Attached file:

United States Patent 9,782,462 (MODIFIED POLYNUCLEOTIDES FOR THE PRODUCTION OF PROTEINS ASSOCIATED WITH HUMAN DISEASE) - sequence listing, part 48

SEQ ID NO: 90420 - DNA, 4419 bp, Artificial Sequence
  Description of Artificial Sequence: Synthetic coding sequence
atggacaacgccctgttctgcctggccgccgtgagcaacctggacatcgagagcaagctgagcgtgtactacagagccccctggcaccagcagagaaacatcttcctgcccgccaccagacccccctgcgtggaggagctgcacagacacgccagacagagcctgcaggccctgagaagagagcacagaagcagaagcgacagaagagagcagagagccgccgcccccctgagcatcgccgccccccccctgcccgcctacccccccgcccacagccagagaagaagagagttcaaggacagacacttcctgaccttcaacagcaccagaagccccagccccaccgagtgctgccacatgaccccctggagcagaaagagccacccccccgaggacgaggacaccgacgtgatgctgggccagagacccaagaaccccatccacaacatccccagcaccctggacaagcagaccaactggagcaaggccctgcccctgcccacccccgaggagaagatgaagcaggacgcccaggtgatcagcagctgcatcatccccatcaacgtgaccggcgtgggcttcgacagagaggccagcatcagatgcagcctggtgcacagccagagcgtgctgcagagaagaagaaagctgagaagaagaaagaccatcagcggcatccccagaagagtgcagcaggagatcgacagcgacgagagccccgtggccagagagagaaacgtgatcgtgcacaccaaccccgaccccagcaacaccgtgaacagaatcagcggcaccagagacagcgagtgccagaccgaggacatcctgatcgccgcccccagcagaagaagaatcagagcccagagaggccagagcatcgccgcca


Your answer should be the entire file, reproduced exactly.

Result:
United States Patent 9,782,462 (MODIFIED POLYNUCLEOTIDES FOR THE PRODUCTION OF PROTEINS ASSOCIATED WITH HUMAN DISEASE) - sequence listing, part 48

SEQ ID NO: 90420 - DNA, 4419 bp, Artificial Sequence
  Description of Artificial Sequence: Synthetic coding sequence
atggacaacgccctgttctgcctggccgccgtgagcaacctggacatcgagagcaagctgagcgtgtactacagagccccctggcaccagcagagaaacatcttcctgcccgccaccagacccccctgcgtggaggagctgcacagacacgccagacagagcctgcaggccctgagaagagagcacagaagcagaagcgacagaagagagcagagagccgccgcccccctgagcatcgccgccccccccctgcccgcctacccccccgcccacagccagagaagaagagagttcaaggacagacacttcctgaccttcaacagcaccagaagccccagccccaccgagtgctgccacatgaccccctggagcagaaagagccacccccccgaggacgaggacaccgacgtgatgctgggccagagacccaagaaccccatccacaacatccccagcaccctggacaagcagaccaactggagcaaggccctgcccctgcccacccccgaggagaagatgaagcaggacgcccaggtgatcagcagctgcatcatccccatcaacgtgaccggcgtgggcttcgacagagaggccagcatcagatgcagcctggtgcacagccagagcgtgctgcagagaagaagaaagctgagaagaagaaagaccatcagcggcatccccagaagagtgcagcaggagatcgacagcgacgagagccccgtggccagagagagaaacgtgatcgtgcacaccaaccccgaccccagcaacaccgtgaacagaatcagcggcaccagagacagcgagtgccagaccgaggacatcctgatcgccgcccccagcagaagaagaatcagagcccagagaggccagagcatcgccgcca